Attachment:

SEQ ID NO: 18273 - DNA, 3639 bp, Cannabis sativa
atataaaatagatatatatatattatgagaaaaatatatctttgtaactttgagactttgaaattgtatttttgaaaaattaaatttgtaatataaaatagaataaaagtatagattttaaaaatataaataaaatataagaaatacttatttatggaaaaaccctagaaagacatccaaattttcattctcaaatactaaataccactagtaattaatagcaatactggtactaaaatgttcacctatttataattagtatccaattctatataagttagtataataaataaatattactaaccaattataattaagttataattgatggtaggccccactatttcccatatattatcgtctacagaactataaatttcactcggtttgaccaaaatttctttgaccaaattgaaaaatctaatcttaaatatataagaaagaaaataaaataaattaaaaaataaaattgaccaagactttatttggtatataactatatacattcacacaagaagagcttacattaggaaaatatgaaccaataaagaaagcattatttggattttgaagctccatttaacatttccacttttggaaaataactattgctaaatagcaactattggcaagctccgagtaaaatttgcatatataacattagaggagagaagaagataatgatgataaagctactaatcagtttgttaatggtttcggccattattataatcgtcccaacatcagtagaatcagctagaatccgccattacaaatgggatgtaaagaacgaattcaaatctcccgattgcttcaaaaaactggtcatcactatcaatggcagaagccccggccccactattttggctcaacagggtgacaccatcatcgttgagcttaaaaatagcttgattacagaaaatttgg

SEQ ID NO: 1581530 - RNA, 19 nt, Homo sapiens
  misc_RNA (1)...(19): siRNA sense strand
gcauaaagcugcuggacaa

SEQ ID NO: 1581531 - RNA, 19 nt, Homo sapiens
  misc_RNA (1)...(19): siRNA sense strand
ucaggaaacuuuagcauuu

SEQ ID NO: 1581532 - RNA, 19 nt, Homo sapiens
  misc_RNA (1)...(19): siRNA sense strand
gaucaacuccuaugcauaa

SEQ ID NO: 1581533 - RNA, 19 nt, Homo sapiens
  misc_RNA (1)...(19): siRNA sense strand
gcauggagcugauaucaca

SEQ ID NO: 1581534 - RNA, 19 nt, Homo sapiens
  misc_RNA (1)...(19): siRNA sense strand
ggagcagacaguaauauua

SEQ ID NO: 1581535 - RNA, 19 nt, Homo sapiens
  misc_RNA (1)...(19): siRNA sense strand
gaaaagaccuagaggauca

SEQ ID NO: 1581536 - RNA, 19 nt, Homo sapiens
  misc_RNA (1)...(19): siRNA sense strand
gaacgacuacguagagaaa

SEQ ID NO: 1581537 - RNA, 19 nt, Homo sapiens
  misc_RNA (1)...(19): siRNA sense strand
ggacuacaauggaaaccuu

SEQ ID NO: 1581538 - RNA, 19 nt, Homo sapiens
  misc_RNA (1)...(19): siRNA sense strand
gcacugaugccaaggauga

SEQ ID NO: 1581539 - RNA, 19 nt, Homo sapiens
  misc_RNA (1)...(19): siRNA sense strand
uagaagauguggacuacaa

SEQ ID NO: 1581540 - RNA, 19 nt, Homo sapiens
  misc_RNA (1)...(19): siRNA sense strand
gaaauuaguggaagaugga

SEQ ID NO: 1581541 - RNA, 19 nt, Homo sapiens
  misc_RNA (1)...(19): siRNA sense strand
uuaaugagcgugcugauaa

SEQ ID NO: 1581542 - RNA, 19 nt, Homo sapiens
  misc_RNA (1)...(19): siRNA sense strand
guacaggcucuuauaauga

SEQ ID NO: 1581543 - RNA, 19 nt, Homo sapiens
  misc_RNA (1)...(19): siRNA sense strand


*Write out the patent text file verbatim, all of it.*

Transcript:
SEQ ID NO: 18273 - DNA, 3639 bp, Cannabis sativa
atataaaatagatatatatatattatgagaaaaatatatctttgtaactttgagactttgaaattgtatttttgaaaaattaaatttgtaatataaaatagaataaaagtatagattttaaaaatataaataaaatataagaaatacttatttatggaaaaaccctagaaagacatccaaattttcattctcaaatactaaataccactagtaattaatagcaatactggtactaaaatgttcacctatttataattagtatccaattctatataagttagtataataaataaatattactaaccaattataattaagttataattgatggtaggccccactatttcccatatattatcgtctacagaactataaatttcactcggtttgaccaaaatttctttgaccaaattgaaaaatctaatcttaaatatataagaaagaaaataaaataaattaaaaaataaaattgaccaagactttatttggtatataactatatacattcacacaagaagagcttacattaggaaaatatgaaccaataaagaaagcattatttggattttgaagctccatttaacatttccacttttggaaaataactattgctaaatagcaactattggcaagctccgagtaaaatttgcatatataacattagaggagagaagaagataatgatgataaagctactaatcagtttgttaatggtttcggccattattataatcgtcccaacatcagtagaatcagctagaatccgccattacaaatgggatgtaaagaacgaattcaaatctcccgattgcttcaaaaaactggtcatcactatcaatggcagaagccccggccccactattttggctcaacagggtgacaccatcatcgttgagcttaaaaatagcttgattacagaaaatttgg

SEQ ID NO: 1581530 - RNA, 19 nt, Homo sapiens
  misc_RNA (1)...(19): siRNA sense strand
gcauaaagcugcuggacaa

SEQ ID NO: 1581531 - RNA, 19 nt, Homo sapiens
  misc_RNA (1)...(19): siRNA sense strand
ucaggaaacuuuagcauuu

SEQ ID NO: 1581532 - RNA, 19 nt, Homo sapiens
  misc_RNA (1)...(19): siRNA sense strand
gaucaacuccuaugcauaa

SEQ ID NO: 1581533 - RNA, 19 nt, Homo sapiens
  misc_RNA (1)...(19): siRNA sense strand
gcauggagcugauaucaca

SEQ ID NO: 1581534 - RNA, 19 nt, Homo sapiens
  misc_RNA (1)...(19): siRNA sense strand
ggagcagacaguaauauua

SEQ ID NO: 1581535 - RNA, 19 nt, Homo sapiens
  misc_RNA (1)...(19): siRNA sense strand
gaaaagaccuagaggauca

SEQ ID NO: 1581536 - RNA, 19 nt, Homo sapiens
  misc_RNA (1)...(19): siRNA sense strand
gaacgacuacguagagaaa

SEQ ID NO: 1581537 - RNA, 19 nt, Homo sapiens
  misc_RNA (1)...(19): siRNA sense strand
ggacuacaauggaaaccuu

SEQ ID NO: 1581538 - RNA, 19 nt, Homo sapiens
  misc_RNA (1)...(19): siRNA sense strand
gcacugaugccaaggauga

SEQ ID NO: 1581539 - RNA, 19 nt, Homo sapiens
  misc_RNA (1)...(19): siRNA sense strand
uagaagauguggacuacaa

SEQ ID NO: 1581540 - RNA, 19 nt, Homo sapiens
  misc_RNA (1)...(19): siRNA sense strand
gaaauuaguggaagaugga

SEQ ID NO: 1581541 - RNA, 19 nt, Homo sapiens
  misc_RNA (1)...(19): siRNA sense strand
uuaaugagcgugcugauaa

SEQ ID NO: 1581542 - RNA, 19 nt, Homo sapiens
  misc_RNA (1)...(19): siRNA sense strand
guacaggcucuuauaauga

SEQ ID NO: 1581543 - RNA, 19 nt, Homo sapiens
  misc_RNA (1)...(19): siRNA sense strand